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  • Writer's pictureKirsty Macdonald

Friday Poem - 'Tree, tree' by Federico García Lorca (Arbolé, arbolé)

Sometimes inspiration needs to come from the outside in order to ignite something on the inside of us. When it comes to letting go of stress, burnout or any other of modern life's ills, it can be something beautiful to read, to listen to, or to look at in the form of a painting or something in nature that can give the internal lift that makes the difference. It's from the small shifts in perception and habit and energetic state that the larger change occurs.

I've loved Lorca ever since I picked up a copy of his collection 'Poet in New York' when I was in my 20's. His work has a soul that directly speak to mine through its depth and beauty. If you allow it, you can almost feel the breath of a good writer as you read their words and know the pulse of their life-force expressing as they ignite your imagination with theirs. In my choice of this Friday's poem, Tree tree, or Arbolé, arbolé to give it its true Spanish title, I'm giving little hints of an exciting announcement that I shall be making over the coming weeks. Watch this space..!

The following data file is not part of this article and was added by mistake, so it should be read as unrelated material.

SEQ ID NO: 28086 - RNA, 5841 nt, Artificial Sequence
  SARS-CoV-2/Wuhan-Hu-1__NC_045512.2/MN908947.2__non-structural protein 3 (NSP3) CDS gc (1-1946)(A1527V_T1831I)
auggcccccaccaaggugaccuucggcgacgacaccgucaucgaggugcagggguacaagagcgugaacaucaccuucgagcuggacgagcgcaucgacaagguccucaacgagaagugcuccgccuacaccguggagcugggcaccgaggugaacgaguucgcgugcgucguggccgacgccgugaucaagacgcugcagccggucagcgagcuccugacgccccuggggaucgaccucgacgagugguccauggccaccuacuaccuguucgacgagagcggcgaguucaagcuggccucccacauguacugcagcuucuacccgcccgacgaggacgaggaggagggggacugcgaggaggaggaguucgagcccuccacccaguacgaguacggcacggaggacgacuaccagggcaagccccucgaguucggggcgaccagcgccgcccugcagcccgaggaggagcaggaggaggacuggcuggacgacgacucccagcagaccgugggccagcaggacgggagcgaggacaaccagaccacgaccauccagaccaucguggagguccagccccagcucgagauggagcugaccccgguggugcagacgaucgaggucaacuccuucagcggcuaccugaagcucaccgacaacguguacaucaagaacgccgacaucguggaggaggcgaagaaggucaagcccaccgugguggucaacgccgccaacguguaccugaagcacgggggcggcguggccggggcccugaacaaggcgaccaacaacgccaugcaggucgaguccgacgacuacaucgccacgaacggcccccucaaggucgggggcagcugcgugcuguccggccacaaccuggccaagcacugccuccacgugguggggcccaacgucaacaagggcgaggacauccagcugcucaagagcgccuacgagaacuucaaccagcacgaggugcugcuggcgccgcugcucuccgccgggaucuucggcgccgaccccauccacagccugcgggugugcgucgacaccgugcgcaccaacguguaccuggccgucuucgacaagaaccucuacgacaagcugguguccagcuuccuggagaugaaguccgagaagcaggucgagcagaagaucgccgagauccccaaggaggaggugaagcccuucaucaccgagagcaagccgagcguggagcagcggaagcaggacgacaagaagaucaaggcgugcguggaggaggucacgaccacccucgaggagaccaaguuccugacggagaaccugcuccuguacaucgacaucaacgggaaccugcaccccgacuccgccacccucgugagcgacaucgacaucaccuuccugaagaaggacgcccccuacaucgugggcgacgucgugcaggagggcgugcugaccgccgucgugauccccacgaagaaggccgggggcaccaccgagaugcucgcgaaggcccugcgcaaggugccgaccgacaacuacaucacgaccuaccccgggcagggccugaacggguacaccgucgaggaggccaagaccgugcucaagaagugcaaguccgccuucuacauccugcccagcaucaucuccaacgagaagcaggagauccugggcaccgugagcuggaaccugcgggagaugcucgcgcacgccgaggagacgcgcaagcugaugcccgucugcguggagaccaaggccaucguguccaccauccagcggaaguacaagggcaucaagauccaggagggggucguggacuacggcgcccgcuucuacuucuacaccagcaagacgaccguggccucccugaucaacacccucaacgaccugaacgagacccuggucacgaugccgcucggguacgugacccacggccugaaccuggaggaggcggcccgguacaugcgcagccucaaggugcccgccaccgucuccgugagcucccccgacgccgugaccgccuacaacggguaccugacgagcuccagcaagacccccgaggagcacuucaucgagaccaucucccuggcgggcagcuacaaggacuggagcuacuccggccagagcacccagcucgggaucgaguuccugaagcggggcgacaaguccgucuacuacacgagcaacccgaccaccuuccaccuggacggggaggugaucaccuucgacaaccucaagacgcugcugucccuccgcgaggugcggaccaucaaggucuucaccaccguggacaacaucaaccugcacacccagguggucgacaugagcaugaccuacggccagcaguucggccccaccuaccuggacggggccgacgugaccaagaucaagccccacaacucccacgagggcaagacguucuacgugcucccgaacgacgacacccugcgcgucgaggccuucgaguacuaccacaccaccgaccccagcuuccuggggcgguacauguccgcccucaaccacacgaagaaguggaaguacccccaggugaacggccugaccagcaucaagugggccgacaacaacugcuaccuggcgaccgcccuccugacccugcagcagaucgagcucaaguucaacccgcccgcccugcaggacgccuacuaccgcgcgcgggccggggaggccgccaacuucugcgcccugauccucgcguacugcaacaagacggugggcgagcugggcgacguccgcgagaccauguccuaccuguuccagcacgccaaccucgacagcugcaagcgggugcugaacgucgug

Olive tree | Lorca poem 'Tree, tree' |

Tree, Tree by Federico García Lorca

Tree, tree, dry and green.

The girl with the lovely face is out picking olives. The bold seducing wind grabs her round the waist.

Four riders passed by on Andalusian ponies, in azure and emerald suits and long shadowy cloaks.

'Come to Cordoba, young lady!' The girl ignores them.

Three young bullfighters passed by, slim and wasp-waisted, wearing suits of bright orange and swords of antique silver.

‘Come to Seville, young lady!’ The girl ignores them.

When the evening turned mauve and began to fade, a young man passed by clutching roses and the myrtle of moonlight.

‘Come to Granada, young lady!’ And the girl ignores him.

The girl with the lovely face goes on picking olives with the wind’s grey arms tight around her waist. Tree, tree, dry and green.

Tree, tree. English translation by Paul Archer of Lorca's Arbolé, arbolé.

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